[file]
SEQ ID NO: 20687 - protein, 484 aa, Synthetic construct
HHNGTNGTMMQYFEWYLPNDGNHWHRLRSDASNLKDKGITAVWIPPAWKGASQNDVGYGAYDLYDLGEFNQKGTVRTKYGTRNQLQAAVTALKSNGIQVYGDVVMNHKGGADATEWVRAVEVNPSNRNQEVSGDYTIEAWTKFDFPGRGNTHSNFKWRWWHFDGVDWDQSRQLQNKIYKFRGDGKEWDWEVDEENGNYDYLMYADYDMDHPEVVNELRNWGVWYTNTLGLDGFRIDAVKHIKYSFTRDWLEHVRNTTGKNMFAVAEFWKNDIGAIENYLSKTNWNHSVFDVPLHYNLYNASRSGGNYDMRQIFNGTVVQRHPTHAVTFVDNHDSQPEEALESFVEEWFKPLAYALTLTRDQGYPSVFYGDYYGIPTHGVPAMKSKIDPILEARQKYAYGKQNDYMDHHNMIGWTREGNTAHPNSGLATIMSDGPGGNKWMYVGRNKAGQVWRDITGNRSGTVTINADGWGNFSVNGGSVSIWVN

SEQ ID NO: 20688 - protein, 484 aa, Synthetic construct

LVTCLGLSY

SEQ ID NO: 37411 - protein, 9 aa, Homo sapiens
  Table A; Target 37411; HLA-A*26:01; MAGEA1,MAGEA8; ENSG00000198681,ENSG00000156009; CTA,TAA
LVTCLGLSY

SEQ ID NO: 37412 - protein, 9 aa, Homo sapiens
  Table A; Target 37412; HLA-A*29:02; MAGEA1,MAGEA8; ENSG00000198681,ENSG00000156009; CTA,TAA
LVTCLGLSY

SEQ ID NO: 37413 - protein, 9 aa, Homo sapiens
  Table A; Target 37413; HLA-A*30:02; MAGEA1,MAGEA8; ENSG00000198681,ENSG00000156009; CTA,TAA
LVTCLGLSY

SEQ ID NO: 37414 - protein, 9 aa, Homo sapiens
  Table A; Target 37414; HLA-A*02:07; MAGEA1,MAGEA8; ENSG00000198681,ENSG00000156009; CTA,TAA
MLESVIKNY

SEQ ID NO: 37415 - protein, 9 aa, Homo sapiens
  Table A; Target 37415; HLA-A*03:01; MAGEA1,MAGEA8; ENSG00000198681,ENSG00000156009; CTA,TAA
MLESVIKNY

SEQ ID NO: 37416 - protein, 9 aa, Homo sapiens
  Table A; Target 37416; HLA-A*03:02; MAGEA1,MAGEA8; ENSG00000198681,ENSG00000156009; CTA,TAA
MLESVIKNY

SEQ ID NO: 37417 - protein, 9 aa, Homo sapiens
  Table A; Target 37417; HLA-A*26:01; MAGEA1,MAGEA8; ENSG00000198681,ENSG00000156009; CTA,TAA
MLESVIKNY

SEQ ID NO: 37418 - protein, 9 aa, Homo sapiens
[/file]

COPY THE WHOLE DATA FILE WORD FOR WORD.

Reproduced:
SEQ ID NO: 20687 - protein, 484 aa, Synthetic construct
HHNGTNGTMMQYFEWYLPNDGNHWHRLRSDASNLKDKGITAVWIPPAWKGASQNDVGYGAYDLYDLGEFNQKGTVRTKYGTRNQLQAAVTALKSNGIQVYGDVVMNHKGGADATEWVRAVEVNPSNRNQEVSGDYTIEAWTKFDFPGRGNTHSNFKWRWWHFDGVDWDQSRQLQNKIYKFRGDGKEWDWEVDEENGNYDYLMYADYDMDHPEVVNELRNWGVWYTNTLGLDGFRIDAVKHIKYSFTRDWLEHVRNTTGKNMFAVAEFWKNDIGAIENYLSKTNWNHSVFDVPLHYNLYNASRSGGNYDMRQIFNGTVVQRHPTHAVTFVDNHDSQPEEALESFVEEWFKPLAYALTLTRDQGYPSVFYGDYYGIPTHGVPAMKSKIDPILEARQKYAYGKQNDYMDHHNMIGWTREGNTAHPNSGLATIMSDGPGGNKWMYVGRNKAGQVWRDITGNRSGTVTINADGWGNFSVNGGSVSIWVN

SEQ ID NO: 20688 - protein, 484 aa, Synthetic construct

LVTCLGLSY

SEQ ID NO: 37411 - protein, 9 aa, Homo sapiens
  Table A; Target 37411; HLA-A*26:01; MAGEA1,MAGEA8; ENSG00000198681,ENSG00000156009; CTA,TAA
LVTCLGLSY

SEQ ID NO: 37412 - protein, 9 aa, Homo sapiens
  Table A; Target 37412; HLA-A*29:02; MAGEA1,MAGEA8; ENSG00000198681,ENSG00000156009; CTA,TAA
LVTCLGLSY

SEQ ID NO: 37413 - protein, 9 aa, Homo sapiens
  Table A; Target 37413; HLA-A*30:02; MAGEA1,MAGEA8; ENSG00000198681,ENSG00000156009; CTA,TAA
LVTCLGLSY

SEQ ID NO: 37414 - protein, 9 aa, Homo sapiens
  Table A; Target 37414; HLA-A*02:07; MAGEA1,MAGEA8; ENSG00000198681,ENSG00000156009; CTA,TAA
MLESVIKNY

SEQ ID NO: 37415 - protein, 9 aa, Homo sapiens
  Table A; Target 37415; HLA-A*03:01; MAGEA1,MAGEA8; ENSG00000198681,ENSG00000156009; CTA,TAA
MLESVIKNY

SEQ ID NO: 37416 - protein, 9 aa, Homo sapiens
  Table A; Target 37416; HLA-A*03:02; MAGEA1,MAGEA8; ENSG00000198681,ENSG00000156009; CTA,TAA
MLESVIKNY

SEQ ID NO: 37417 - protein, 9 aa, Homo sapiens
  Table A; Target 37417; HLA-A*26:01; MAGEA1,MAGEA8; ENSG00000198681,ENSG00000156009; CTA,TAA
MLESVIKNY

SEQ ID NO: 37418 - protein, 9 aa, Homo sapiens